This Day In Baseball History & The Playoffs Ahead
The Coronavirus shortened baseball season is over. It was a weird season. How weird? The Mariners didn't even finish in last place! In fact, the M's were third in their division behind Oakland and Houston. In fact the Mariners 27 Wins were more than a half dozen other American League teams - Angels, Rangers, Royals, Tigers, Orioles and Red Sox, but still not enough to get into the playoffs.
The playoffs have been expanded or the first time in MLB history, two teams have qualified for the playoffs with losing records. The Astros (29-31) are one. The Brewers (29-31) are the other.
The season ended Sunday, the sport collects its breath today and the playoffs start tomorrow (9/29/20)
Major League Baseball lays out the playoff picture "As has been the case since 2012, there will be four rounds. But instead of a round featuring a sudden-death Wild Card Game with the division winners resting, the format will be as follows":
Wild Card Series (best-of-three, with all games at the higher seed’s home ballpark): No. 1 seed vs. No. 8; No. 2 vs. No. 7; No. 3 vs. No. 6; No. 4 vs. No. 5.
Division Series (best-of-five, with traditional 2-2-1 home team/road team format at neutral sites): Winner of 1-8 vs. Winner of 4-5; Winner of 2-7 vs. Winner of 3-6. Home-field advantage goes to the higher seed.
League Championship Series (best-of-seven, with traditional 2-3-2 home team/road team format at neutral sites): Winner of 1-4-5-8 vs. Winner of 2-3-6-7. Home-field advantage goes to the higher seed.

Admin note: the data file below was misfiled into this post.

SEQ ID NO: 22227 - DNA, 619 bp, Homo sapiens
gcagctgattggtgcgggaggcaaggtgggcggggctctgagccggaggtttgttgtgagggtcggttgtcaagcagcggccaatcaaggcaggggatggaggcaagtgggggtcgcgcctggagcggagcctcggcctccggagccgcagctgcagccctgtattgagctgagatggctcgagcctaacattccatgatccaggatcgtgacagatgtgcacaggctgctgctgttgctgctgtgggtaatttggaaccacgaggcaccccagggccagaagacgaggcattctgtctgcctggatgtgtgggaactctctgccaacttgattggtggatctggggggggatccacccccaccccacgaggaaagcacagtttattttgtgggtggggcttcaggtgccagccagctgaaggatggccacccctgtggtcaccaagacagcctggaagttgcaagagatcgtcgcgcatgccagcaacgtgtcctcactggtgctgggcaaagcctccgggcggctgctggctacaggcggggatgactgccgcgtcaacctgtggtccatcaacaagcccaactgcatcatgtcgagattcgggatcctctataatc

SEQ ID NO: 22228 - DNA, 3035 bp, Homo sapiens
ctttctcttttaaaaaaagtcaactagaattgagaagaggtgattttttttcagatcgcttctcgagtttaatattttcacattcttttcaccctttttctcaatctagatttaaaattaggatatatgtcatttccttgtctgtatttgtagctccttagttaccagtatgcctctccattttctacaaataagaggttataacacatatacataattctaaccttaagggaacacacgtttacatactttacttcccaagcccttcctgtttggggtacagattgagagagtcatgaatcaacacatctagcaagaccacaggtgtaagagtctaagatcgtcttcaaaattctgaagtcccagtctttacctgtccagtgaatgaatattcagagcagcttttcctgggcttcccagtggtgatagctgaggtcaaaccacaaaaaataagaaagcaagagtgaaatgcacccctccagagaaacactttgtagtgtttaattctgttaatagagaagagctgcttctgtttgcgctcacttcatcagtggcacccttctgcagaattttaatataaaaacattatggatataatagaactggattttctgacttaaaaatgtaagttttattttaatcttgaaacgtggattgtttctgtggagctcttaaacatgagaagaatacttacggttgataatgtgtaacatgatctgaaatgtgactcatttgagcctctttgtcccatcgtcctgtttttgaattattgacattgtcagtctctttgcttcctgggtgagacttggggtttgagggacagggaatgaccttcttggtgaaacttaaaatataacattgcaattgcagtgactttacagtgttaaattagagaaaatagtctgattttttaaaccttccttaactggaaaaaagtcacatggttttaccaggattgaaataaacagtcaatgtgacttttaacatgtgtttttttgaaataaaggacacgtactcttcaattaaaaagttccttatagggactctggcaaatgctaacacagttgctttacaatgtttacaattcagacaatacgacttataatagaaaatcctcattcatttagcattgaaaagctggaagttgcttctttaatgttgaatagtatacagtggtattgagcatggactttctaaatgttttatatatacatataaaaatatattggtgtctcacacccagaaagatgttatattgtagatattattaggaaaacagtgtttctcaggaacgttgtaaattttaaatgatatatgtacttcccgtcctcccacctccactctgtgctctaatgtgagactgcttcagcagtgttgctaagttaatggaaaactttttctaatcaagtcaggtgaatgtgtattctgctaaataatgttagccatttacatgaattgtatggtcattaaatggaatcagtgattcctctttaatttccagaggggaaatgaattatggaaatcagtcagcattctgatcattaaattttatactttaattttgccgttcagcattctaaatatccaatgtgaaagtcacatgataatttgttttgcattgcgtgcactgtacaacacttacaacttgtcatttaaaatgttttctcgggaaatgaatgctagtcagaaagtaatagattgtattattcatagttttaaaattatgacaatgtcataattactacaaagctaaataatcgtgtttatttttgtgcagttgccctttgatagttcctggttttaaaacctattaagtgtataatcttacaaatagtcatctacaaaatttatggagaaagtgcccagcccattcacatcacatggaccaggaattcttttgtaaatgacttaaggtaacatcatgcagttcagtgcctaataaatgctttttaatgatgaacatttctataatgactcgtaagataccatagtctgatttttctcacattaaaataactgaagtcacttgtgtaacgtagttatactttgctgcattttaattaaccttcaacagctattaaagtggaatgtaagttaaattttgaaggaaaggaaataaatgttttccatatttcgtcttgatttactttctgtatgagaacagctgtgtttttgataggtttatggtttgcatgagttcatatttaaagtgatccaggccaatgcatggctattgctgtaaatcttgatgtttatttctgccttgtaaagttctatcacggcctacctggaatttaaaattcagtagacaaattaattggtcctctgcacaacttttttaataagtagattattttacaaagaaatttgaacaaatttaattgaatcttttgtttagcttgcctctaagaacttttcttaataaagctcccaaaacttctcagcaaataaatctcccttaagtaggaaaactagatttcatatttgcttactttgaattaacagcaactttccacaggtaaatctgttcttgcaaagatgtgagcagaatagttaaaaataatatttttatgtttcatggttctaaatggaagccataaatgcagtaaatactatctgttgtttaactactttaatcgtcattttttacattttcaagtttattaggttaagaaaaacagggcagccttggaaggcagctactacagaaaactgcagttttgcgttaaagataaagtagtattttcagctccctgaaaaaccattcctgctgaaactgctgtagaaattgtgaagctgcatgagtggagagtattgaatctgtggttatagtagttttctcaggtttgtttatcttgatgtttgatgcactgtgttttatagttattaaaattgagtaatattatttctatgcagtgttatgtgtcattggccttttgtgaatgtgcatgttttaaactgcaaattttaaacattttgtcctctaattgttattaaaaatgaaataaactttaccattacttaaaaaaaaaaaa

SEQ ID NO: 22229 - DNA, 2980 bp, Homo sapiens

World Series (best-of-seven, with traditional 2-3-2 home team/road team format at a neutral site): AL champion vs. NL champion. Home-field advantage goes to the higher seed.
So, that's the future of baseball, altered by the impact of the Coronavirus. People will no doubt look back on 2020 and have plenty to say about what was, what wasn't and what might have been.
Add all that to what's already happened on This Day in History in the big leagues. September 28:
- 1920, eight members of the Chicago White Sox were indicted for allegedly throwing the 1919 World Series in what became known as the "Black Sox" scandal. Although the players were eventually acquitted at trial, they were banished from baseball for life.
- 1941, Boston Red Sox player Ted Williams got six hits in a doubleheader on the final day of the season to finish the year with a .406 batting average, the last time any player has batted .400 for a season.
- 1960, 60 years ago, Boston Red Sox legend Ted Williams, the "Splendid Spinter" hit a home run, his 521st, in his final career at-bat.